Novel Dominant–Negative Mutation in Cardiac Troponin I Causes Severe Restrictive Cardiomyopathy
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A 30-year-old man with a known history of heart failure with preserved ejection fraction and paroxysmal atrial fibrillation diagnosed at 24 years of age was referred to our service due to progressive heart failure. His history was unremarkable for drug use, travel, occupational exposure, and lung disease and was negative for familial cardiomyopathy. His vitals were 108/72 mm Hg, heart rate 60 beats per minute; jugular venous pressure was elevated with a prominent y-descent and positive hepatojugular reflux, and he had mild peripheral edema. Biochemical analysis revealed plasma brain natriuretic peptide=975 pg/mL, estimated glomerular filtration rate=121 mL/min per 1.73 m2 and hemoglobin=134 g/L. Comparison of previous 12-lead ECGs over the past 3 years revealed progressive right atrial enlargement culminating into atrial fibrillation with his previous ECG showing low voltage QRS complexes associated with incomplete right bundle branch block and right axis deviation (Figure 1A). We optimized his medical therapy which included furosemide, spironolactone, bisoprolol, enalapril, and warfarin.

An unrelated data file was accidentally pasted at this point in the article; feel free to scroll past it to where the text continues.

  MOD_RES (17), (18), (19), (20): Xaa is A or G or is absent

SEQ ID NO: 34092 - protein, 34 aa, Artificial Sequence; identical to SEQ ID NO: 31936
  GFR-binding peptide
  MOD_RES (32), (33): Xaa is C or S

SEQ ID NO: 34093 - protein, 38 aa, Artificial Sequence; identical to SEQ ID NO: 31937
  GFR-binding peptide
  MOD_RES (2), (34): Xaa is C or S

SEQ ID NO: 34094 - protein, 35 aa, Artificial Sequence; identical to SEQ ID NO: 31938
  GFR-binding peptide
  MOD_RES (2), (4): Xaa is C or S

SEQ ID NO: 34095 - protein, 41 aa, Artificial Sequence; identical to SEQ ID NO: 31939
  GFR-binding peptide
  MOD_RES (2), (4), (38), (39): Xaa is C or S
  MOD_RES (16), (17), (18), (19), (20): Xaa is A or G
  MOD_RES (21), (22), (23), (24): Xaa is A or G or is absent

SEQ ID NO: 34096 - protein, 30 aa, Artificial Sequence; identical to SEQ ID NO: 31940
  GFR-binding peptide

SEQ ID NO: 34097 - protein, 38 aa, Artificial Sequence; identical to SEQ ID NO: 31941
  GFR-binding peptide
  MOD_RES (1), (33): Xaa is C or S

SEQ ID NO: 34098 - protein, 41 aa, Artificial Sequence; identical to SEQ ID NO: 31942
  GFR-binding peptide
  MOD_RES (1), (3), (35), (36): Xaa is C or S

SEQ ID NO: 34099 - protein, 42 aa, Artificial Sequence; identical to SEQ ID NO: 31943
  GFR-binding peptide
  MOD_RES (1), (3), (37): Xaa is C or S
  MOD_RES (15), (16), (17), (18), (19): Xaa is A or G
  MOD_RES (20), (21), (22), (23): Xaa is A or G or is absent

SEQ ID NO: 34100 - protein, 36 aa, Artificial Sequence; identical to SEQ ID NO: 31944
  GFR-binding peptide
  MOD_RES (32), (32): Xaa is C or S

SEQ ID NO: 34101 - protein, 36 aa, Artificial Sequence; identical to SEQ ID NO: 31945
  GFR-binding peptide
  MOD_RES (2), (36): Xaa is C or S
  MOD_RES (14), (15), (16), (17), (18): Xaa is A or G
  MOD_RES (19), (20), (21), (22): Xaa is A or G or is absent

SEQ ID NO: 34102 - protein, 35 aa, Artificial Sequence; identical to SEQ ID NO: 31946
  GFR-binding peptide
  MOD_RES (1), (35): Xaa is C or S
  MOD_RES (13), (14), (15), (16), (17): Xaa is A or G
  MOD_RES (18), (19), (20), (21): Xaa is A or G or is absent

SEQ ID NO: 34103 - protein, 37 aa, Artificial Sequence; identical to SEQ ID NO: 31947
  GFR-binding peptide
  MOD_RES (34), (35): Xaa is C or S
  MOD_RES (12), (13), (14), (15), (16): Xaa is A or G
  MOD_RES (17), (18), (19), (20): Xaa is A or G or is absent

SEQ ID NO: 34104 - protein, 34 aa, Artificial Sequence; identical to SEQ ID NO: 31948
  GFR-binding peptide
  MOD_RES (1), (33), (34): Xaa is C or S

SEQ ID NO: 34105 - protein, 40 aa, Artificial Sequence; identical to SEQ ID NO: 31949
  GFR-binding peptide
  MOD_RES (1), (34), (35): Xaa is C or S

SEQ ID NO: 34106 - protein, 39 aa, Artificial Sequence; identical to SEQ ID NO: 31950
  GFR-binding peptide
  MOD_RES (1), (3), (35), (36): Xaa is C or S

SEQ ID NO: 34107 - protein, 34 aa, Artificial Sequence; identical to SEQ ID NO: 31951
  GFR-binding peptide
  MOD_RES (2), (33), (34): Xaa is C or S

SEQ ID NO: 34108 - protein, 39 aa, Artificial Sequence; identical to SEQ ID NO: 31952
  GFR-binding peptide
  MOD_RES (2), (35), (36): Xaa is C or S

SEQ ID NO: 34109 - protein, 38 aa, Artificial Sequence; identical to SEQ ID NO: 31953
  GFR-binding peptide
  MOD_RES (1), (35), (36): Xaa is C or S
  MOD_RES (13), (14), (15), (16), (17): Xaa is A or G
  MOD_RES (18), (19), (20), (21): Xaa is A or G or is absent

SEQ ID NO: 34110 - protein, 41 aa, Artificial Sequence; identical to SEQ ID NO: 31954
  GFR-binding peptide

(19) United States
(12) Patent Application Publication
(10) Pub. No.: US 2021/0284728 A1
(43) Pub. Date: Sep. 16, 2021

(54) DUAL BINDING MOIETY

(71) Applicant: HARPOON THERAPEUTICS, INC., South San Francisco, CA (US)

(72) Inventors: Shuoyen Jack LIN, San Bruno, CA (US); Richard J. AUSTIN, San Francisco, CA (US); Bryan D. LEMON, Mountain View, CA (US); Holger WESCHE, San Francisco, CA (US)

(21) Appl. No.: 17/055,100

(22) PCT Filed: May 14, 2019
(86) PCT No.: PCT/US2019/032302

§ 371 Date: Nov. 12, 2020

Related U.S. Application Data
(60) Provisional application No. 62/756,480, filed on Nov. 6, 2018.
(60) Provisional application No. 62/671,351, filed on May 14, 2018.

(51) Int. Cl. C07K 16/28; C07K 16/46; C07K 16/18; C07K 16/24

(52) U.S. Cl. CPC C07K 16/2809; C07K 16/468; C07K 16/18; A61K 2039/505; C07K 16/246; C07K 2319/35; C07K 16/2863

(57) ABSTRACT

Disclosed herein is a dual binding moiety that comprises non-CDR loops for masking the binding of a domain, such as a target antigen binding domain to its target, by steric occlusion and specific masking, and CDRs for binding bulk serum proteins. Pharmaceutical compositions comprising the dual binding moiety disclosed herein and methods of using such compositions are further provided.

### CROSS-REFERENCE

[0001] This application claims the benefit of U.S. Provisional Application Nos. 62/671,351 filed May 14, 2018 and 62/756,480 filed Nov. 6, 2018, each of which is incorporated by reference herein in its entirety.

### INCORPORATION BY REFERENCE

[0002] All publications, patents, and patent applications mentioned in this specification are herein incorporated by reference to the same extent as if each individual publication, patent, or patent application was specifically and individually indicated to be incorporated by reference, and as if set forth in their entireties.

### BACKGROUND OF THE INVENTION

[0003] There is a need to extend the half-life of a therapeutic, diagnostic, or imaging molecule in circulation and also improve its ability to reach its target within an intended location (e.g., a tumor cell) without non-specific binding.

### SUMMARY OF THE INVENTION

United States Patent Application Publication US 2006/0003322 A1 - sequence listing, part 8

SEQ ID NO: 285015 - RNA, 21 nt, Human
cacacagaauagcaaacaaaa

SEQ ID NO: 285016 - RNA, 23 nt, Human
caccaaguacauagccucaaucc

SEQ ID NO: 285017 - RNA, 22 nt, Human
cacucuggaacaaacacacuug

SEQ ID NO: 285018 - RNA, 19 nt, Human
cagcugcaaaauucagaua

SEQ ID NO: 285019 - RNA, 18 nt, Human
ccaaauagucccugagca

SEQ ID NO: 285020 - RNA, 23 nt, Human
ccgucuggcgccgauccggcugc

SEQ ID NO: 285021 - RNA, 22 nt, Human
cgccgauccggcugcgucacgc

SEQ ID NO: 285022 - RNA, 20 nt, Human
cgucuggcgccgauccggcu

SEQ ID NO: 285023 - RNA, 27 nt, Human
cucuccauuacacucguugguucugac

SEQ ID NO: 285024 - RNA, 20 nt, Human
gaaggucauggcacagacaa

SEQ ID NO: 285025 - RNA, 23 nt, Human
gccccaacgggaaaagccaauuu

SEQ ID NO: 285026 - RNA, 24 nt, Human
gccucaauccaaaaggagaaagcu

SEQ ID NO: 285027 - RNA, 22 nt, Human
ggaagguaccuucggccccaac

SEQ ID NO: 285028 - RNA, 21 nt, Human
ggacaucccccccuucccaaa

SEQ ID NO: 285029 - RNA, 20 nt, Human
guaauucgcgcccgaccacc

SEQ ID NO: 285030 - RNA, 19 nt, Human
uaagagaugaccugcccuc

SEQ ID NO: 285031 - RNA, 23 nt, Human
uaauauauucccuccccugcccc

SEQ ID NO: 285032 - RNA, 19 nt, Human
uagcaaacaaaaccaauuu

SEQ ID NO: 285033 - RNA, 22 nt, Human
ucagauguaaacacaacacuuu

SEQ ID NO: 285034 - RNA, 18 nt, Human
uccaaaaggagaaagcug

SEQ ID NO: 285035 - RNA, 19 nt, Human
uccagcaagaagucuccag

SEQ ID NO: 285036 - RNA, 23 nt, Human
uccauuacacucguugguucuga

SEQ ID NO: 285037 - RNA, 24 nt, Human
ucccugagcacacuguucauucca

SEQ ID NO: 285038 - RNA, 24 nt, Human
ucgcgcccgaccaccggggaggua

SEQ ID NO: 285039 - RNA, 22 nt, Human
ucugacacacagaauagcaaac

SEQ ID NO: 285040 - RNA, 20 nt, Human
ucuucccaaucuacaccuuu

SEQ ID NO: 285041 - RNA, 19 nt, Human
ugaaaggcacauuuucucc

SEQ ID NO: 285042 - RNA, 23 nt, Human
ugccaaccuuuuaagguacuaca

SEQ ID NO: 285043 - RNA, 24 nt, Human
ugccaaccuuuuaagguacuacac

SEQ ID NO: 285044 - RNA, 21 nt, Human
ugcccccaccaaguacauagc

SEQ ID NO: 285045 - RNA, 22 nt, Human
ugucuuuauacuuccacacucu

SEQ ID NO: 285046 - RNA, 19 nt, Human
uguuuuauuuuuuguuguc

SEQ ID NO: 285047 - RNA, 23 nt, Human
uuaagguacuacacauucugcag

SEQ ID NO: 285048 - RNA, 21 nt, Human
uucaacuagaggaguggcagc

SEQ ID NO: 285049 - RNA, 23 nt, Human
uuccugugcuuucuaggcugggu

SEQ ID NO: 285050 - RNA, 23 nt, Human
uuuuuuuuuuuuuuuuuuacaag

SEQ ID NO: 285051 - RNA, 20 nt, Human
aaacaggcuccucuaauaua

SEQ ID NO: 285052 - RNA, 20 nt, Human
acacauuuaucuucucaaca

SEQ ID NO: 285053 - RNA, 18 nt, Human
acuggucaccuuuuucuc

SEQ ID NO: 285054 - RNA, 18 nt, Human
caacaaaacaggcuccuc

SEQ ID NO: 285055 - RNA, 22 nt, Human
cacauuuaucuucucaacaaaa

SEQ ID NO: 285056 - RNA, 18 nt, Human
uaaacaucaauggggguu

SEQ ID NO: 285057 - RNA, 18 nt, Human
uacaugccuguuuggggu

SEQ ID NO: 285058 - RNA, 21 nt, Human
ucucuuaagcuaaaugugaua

A thorough series of investigations, including transthoracic echocardiogram, coronary angiogram, invasive hemodynamic cardiac catheterization, endomyocardial …